About the Author ()

A convoluted mind behind a curly face. A regular traveler, a science buff, and first generation American. Graying of hair, yet still verdant of mind. Lives in South St. Louis City. See his personal website for (too much) more.

Comments (5)

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  1. The Florida University is named: "The College of Liberal Arts and Sciences". They should not have named themselves "Liberal". As I understand that word is an absolute show stopper in the US.

    Anyways, in Holland the situation is not much better. Education here is nothing more than a mega budget cutting factory. Mind you, all that money is taken straight out of education itself and poured into the ever thickening layers of education administrators, managers, directors, colleges of senior directors CEO's (and whatever else they think of), none of whom have anything to do with education whatsoever, never have, never plan to. It's just lots of secure, non productive jobs and places to soft-land ex-politicians. And the tax payers are footing the bills for it.

    /rant bit = off

  2. Ben says:

    One of the most amazing places is Chichen-Itza.

  3. Dan Klarmann says:

    Haven't been to Chichen-Itza, yet. Nor even to Teotihuacan. But I did tour the ruins of Mesa Verde, Hovenweep, and Cahokia. This last one was the biggest city, yet the most degraded.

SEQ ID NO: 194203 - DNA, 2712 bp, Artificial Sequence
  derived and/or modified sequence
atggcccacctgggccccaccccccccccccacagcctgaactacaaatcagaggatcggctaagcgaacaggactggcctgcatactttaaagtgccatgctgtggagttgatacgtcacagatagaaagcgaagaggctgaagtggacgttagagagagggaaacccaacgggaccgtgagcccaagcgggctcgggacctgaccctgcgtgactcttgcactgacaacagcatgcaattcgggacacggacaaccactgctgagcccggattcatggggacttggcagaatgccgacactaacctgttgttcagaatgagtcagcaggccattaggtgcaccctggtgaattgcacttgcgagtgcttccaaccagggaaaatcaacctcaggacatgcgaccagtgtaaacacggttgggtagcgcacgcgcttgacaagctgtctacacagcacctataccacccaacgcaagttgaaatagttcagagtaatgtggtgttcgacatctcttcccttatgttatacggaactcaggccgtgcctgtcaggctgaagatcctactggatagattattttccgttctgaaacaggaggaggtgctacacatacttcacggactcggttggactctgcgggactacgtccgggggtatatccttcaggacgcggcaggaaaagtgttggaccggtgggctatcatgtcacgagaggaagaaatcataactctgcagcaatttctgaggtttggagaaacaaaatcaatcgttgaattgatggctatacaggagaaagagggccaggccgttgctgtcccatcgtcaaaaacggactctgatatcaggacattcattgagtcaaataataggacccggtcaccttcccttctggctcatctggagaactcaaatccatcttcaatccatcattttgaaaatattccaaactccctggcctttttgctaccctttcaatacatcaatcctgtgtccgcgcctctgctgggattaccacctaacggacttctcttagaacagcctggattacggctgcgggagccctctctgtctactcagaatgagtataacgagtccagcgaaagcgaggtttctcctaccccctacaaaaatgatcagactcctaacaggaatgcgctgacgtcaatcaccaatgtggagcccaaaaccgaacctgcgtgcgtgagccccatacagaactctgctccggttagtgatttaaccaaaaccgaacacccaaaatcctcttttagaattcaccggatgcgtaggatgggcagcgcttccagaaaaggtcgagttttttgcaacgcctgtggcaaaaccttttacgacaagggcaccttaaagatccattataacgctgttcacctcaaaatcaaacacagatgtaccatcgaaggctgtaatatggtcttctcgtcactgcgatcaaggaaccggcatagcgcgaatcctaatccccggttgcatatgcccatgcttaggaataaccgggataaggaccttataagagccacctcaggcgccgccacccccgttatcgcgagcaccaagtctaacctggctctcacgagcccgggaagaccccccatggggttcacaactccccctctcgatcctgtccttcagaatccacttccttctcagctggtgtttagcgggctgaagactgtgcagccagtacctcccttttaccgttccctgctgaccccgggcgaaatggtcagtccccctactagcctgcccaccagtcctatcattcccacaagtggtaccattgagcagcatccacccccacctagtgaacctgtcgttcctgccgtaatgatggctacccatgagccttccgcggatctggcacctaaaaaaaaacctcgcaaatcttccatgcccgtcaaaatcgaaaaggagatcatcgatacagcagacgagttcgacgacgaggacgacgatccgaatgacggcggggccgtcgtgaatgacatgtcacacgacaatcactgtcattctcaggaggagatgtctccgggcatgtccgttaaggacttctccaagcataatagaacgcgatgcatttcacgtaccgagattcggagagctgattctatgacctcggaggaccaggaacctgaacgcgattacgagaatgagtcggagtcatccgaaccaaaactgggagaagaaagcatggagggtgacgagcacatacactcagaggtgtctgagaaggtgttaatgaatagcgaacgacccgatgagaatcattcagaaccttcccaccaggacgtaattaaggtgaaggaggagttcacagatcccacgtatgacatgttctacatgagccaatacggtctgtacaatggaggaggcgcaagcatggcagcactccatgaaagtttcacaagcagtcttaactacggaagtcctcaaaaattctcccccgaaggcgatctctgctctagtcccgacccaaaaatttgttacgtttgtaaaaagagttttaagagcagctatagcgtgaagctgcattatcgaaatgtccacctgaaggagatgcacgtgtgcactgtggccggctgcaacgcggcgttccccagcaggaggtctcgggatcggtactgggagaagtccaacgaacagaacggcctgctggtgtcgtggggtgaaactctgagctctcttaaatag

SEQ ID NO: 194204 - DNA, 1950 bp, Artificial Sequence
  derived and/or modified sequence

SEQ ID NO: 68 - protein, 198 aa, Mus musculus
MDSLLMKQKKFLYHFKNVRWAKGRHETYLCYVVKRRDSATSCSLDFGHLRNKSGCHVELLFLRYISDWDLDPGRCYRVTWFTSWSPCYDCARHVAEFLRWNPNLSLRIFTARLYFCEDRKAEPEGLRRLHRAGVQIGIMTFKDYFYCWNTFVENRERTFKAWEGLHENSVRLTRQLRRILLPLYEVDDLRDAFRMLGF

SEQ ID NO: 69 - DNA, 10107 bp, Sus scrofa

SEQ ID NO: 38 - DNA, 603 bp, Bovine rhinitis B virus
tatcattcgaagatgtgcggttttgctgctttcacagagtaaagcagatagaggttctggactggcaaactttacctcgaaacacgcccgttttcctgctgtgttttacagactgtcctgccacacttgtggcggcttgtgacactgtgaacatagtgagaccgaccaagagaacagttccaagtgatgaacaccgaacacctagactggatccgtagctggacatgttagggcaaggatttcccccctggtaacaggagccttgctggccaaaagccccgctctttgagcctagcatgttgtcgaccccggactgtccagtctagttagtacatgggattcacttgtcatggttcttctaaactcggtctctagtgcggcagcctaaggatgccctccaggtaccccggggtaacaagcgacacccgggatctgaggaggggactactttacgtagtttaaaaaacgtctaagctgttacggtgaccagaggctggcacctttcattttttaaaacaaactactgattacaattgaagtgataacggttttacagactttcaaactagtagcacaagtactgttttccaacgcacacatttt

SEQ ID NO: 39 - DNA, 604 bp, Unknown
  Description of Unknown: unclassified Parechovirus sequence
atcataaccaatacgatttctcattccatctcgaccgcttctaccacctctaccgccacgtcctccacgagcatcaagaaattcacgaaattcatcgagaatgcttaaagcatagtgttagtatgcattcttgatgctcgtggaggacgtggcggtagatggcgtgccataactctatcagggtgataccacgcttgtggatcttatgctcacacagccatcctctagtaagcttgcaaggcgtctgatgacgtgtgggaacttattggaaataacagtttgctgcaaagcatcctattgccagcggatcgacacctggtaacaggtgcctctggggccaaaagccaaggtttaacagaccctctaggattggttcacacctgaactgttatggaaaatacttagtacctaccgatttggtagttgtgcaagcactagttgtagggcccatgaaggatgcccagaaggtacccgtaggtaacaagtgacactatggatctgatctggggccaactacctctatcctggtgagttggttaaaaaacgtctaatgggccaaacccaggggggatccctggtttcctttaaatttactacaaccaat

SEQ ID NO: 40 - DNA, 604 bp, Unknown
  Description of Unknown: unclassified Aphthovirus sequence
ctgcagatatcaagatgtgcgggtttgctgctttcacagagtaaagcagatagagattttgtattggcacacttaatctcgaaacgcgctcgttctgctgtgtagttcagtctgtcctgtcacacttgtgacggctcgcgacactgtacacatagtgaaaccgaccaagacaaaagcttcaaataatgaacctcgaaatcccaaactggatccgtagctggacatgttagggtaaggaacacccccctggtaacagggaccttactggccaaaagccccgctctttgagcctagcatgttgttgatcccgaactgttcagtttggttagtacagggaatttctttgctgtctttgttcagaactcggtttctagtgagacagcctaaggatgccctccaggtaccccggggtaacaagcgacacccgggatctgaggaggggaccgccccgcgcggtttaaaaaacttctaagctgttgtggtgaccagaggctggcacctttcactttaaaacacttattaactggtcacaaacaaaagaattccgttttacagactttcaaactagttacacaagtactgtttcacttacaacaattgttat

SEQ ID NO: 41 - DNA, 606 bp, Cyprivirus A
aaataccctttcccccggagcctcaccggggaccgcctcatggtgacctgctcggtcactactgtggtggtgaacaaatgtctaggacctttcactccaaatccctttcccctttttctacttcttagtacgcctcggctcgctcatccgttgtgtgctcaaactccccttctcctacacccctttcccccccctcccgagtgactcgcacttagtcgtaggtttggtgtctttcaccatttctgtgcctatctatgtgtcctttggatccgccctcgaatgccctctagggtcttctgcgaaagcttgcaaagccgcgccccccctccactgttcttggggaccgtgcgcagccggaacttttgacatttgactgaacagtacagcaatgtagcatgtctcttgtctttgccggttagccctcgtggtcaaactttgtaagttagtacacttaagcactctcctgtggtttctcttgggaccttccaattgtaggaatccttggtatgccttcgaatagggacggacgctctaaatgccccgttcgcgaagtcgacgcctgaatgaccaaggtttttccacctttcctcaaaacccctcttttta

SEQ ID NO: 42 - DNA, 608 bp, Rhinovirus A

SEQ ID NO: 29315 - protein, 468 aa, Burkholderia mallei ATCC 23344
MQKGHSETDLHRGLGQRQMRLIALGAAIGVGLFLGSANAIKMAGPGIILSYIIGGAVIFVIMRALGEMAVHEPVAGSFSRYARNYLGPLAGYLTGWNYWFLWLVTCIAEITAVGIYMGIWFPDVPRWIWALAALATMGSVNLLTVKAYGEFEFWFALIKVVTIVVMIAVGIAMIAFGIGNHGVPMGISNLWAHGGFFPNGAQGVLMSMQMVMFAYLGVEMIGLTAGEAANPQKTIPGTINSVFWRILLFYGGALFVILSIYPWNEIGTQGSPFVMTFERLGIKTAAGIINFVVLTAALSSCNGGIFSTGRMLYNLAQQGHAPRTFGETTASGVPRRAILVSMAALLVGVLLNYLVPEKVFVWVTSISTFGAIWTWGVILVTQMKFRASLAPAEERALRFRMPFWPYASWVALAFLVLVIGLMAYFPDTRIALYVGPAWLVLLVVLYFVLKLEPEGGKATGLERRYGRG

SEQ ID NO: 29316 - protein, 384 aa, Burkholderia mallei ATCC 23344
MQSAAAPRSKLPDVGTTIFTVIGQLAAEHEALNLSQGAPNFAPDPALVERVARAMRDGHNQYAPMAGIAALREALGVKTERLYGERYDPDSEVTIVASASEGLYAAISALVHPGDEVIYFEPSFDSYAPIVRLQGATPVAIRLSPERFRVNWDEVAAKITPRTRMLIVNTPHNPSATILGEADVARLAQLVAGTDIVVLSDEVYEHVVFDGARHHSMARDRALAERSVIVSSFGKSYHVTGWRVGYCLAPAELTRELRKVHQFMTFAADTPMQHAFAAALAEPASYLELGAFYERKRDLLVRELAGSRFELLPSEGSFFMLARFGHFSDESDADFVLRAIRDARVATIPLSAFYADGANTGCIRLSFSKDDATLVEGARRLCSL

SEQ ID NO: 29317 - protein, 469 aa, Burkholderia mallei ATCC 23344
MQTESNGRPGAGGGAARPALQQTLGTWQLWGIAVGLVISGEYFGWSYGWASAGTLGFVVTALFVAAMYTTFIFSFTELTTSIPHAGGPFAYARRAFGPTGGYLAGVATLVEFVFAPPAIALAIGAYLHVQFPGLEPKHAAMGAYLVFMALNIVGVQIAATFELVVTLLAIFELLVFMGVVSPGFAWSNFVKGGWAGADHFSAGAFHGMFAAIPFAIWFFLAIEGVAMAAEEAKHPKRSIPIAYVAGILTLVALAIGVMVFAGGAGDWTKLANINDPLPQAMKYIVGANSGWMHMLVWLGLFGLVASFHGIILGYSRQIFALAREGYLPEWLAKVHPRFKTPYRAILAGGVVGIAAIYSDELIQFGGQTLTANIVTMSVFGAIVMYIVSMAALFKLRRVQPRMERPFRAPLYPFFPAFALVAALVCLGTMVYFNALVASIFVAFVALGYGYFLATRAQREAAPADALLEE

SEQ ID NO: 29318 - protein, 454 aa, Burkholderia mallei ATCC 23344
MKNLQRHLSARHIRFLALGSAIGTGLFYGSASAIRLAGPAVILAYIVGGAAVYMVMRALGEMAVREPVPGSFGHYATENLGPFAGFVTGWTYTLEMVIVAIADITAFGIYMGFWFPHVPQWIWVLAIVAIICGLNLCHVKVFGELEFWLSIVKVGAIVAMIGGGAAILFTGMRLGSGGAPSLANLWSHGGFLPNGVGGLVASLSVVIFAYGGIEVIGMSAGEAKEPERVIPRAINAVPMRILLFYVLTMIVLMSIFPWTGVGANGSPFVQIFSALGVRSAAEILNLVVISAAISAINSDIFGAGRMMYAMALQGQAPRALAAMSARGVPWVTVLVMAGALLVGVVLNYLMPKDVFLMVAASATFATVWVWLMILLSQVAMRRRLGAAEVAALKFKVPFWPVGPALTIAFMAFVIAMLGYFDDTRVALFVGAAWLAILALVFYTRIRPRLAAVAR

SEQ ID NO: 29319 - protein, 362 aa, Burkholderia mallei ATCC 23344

4. Karl says:

    Glad to see Dan admits it was the geologists interpretations of the fossil record that set the stage for Darwin's theories to be so beleived by the geologists themselves who were glad to see supporting evidence for their presuppositions.

    Perhaps geology that is prehistory based upon assumptions should have budget cuts until the economy gets back on track. If they really want to connect their billions and millions of years to each other maybe they can get some more research funding. Other wise, what difference does it make? Which came first the agnostic or the atheist?

    Maybe there would be more public support for geological prehistory that tried to examine the fossil record in other ways than the closed approved peer review process that is entirely based on presuppositions that have been cast into stone.

    No pun intended.

    Glad to see MIT about to make their journals and research more a matter of public record and scrutiny.

    Karl Kunker

    • Dan Klarmann says:

      Karl is quite amusing. Darwin was a geologist who contributed valuable ideas to non-fossil-related geological theory before he got into biology. Sure, his only degree is in divinity, but he was a serious scholar.

      It is a pity that classroom discussion of Darwin doesn't teach of his contributions in the decades before he published his most famous two books on biology, nor of the state of evolutionary theory at the time Darwin was growing up and learning about it.

      Pity that we can't persuade Karl Kunker to follow our many links to find these things out, either.